Data were analyzed using the IBM SPSS V23.0 and AMOS V23.0 statistical software programs. Using SPSS 23.0, descriptive analyses were conducted using percentages, means, and standard deviation. The focus of the study was to further examine the relationship between parental mental health, particularly, depression, and adolescence IA, taking into consideration the adolescent's mental health and parental IA. Of specific interest was to test the hypothesis that the effect of parental mental health on adolescence IA was mediated by adolescent mental health and parental IA. To elucidate these relationships, the Structural Equation Model (SEM) approach with maximum likelihood methods was applied to the data for testing various path models using the AMOS 23.0 statistical software. The goodness of fit of different models to the data was examined using multiple criteria. These included the reduced chi-squared statistics (χ2/df ), Comparative Fit Index (CFI), root mean-square error of approximation (RMSEA), and the Akaike Information Index (AIC) with a χ2/df <5, CFI >0.90, RMSEA <0.05, and a lower AIC indicating a better fitted model (36). For the examination of various possible models, the following model fitting procedures were adopted. First, an initial model with parental mental health as the study variable and adolescence IA as the outcome variable, with all adolescent mental health variables including depression, anxiety, and stress, as well as the parental IA as mediating variables, was fitted to the data as a single group. Second, after examining the results obtained on the model fit statistics of the initial model, the model was modified based on the empirical evidence before refitting to the data again as a single group. Third, the refitted model was then examined again based on the model fit statistics for its acceptability. Fourth, once an acceptable model was derived, the same model was then fitted to subsets of the data in accordance to the four gender matching groups for model fit analysis.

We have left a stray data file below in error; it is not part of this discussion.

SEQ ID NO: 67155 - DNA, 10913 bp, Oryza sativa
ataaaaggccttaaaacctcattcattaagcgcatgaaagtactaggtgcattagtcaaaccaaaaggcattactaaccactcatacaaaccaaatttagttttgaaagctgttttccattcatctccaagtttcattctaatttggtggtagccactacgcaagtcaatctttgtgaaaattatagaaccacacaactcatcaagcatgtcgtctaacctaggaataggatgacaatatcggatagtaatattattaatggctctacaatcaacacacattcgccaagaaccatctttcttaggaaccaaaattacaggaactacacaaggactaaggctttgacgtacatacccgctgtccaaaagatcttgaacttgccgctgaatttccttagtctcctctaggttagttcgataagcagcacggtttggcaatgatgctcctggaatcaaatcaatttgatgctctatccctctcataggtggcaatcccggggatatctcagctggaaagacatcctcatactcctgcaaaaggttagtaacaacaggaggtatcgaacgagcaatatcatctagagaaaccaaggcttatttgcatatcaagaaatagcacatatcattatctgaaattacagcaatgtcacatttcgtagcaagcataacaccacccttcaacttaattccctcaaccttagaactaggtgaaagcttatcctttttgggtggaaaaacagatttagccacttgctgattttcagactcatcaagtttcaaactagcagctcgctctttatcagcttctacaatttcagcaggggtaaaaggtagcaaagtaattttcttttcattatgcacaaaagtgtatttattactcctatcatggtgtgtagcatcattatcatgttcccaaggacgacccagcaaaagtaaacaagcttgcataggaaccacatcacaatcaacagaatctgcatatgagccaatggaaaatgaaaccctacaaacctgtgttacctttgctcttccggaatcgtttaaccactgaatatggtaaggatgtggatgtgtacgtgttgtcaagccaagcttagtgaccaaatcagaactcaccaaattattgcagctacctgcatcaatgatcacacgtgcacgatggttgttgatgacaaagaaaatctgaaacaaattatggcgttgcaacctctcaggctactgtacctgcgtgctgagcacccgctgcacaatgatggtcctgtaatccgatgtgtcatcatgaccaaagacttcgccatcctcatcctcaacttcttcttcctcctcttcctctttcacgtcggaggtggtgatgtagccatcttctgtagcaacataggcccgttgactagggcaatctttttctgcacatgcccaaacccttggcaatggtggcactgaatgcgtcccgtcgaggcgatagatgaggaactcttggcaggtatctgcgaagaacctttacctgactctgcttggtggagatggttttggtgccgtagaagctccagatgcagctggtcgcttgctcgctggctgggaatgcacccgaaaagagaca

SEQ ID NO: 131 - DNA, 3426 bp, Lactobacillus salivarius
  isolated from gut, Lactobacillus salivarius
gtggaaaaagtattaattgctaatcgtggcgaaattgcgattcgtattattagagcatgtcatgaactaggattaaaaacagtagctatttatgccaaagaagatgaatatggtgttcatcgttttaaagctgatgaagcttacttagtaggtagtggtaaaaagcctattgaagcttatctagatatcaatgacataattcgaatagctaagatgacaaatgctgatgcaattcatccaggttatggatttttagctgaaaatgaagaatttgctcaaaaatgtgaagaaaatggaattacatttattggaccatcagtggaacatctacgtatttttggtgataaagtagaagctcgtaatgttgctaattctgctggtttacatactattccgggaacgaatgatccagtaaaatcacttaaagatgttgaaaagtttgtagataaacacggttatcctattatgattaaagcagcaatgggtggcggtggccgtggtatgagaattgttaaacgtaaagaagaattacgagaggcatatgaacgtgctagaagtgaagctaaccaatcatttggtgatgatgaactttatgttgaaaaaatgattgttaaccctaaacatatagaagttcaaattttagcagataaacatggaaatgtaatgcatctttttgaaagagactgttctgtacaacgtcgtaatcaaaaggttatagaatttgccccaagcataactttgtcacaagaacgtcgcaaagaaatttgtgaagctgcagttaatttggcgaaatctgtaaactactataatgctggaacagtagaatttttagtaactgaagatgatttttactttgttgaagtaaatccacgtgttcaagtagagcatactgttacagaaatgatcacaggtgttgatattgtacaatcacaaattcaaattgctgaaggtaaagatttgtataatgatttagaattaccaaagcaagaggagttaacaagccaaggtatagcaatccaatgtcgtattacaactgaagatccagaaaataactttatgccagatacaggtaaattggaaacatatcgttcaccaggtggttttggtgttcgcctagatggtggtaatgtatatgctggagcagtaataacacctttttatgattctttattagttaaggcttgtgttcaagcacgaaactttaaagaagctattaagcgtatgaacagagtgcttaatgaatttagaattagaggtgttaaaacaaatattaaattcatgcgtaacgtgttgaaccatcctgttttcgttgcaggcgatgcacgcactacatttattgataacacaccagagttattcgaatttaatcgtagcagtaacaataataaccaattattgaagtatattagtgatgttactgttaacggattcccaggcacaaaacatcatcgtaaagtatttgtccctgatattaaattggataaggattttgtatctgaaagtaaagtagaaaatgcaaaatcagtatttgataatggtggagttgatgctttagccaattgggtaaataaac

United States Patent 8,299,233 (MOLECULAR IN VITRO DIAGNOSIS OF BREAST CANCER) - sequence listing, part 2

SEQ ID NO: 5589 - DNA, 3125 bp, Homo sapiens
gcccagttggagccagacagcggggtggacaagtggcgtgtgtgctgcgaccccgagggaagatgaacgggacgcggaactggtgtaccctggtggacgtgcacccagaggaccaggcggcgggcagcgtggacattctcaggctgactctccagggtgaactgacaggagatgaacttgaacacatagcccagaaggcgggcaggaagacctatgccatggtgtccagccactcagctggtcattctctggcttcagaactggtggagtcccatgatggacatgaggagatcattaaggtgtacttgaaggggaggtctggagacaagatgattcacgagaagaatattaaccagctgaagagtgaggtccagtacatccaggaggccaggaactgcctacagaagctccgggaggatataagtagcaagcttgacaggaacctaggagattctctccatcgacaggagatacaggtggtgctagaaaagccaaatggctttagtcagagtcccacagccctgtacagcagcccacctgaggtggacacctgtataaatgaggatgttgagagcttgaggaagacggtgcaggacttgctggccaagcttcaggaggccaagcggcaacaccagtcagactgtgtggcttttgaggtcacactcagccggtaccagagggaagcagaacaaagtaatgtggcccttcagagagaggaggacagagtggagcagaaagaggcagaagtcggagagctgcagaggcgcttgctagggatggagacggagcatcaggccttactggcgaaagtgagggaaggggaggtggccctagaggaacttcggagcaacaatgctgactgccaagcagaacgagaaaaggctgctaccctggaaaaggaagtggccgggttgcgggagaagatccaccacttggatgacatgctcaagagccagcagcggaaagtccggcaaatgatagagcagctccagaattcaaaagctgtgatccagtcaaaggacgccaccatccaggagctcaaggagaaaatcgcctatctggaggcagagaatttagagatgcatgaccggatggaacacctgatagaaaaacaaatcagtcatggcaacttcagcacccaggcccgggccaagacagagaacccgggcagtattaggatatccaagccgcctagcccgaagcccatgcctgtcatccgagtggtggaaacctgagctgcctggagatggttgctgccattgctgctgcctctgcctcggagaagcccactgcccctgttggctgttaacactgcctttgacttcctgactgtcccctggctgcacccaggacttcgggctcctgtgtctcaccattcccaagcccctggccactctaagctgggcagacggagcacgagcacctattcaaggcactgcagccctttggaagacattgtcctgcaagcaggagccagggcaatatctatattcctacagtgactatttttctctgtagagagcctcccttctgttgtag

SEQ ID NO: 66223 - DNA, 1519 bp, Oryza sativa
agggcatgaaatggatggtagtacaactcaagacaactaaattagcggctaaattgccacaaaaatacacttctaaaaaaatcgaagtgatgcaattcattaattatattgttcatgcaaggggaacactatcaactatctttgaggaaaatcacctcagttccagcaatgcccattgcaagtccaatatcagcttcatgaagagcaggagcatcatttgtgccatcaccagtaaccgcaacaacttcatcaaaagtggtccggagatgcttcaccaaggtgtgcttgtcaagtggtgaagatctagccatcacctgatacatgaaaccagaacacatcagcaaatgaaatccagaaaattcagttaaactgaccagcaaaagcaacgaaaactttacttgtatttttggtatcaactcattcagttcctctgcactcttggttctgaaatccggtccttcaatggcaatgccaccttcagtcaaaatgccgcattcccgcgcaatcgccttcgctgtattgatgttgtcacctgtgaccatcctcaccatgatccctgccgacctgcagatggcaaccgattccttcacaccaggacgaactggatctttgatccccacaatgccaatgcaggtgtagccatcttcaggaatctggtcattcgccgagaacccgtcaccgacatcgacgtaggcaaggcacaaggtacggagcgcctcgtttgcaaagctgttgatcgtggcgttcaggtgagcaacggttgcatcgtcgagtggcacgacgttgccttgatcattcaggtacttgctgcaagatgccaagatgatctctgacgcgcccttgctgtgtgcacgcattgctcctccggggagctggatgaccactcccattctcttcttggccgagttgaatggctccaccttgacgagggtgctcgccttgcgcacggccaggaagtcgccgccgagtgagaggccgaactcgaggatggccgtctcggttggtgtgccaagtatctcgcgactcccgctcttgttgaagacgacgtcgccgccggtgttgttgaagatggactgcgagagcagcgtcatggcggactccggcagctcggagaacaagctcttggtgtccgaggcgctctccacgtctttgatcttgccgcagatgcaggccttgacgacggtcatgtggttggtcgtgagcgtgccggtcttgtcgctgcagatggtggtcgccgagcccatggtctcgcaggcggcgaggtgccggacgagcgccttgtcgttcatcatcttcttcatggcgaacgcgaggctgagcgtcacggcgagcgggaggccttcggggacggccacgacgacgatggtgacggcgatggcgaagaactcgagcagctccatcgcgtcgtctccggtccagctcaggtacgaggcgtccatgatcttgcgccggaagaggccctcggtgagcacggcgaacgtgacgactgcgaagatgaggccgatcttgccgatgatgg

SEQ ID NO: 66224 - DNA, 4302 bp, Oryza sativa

One thousand ninety-eight (n = 1,098) parent-and-child dyads responded to the survey providing usable information and allowed matching of parent-and-child data. This accounted for 95.3% of the total parents completing the questionnaire. No statistically significant differences were found in the comparisons of demographics, including age, sex, grade, and place of birth between those students with a respondent parent and those whose parent did not respond. The parent-and-child characteristics of the respondents were summarized in Table 1. In terms of mental health, on the whole, parents scored lower in all subscales than adolescents with a mean parental depression score of 1.5 (SD = 2.6), anxiety score 1.6 (SD = 2.6), and stress score 2.5 (SD = 3.1) in comparison to 3.6 (SD = 3.8), 3.6 (SD = 3.4), and 4.9 (SD = 4.0) for adolescents, respectively. For IA, the mean IAT score was 28.6 (SD = 9.9) for parents and 41.7 (SD = 12.4) for adolescents.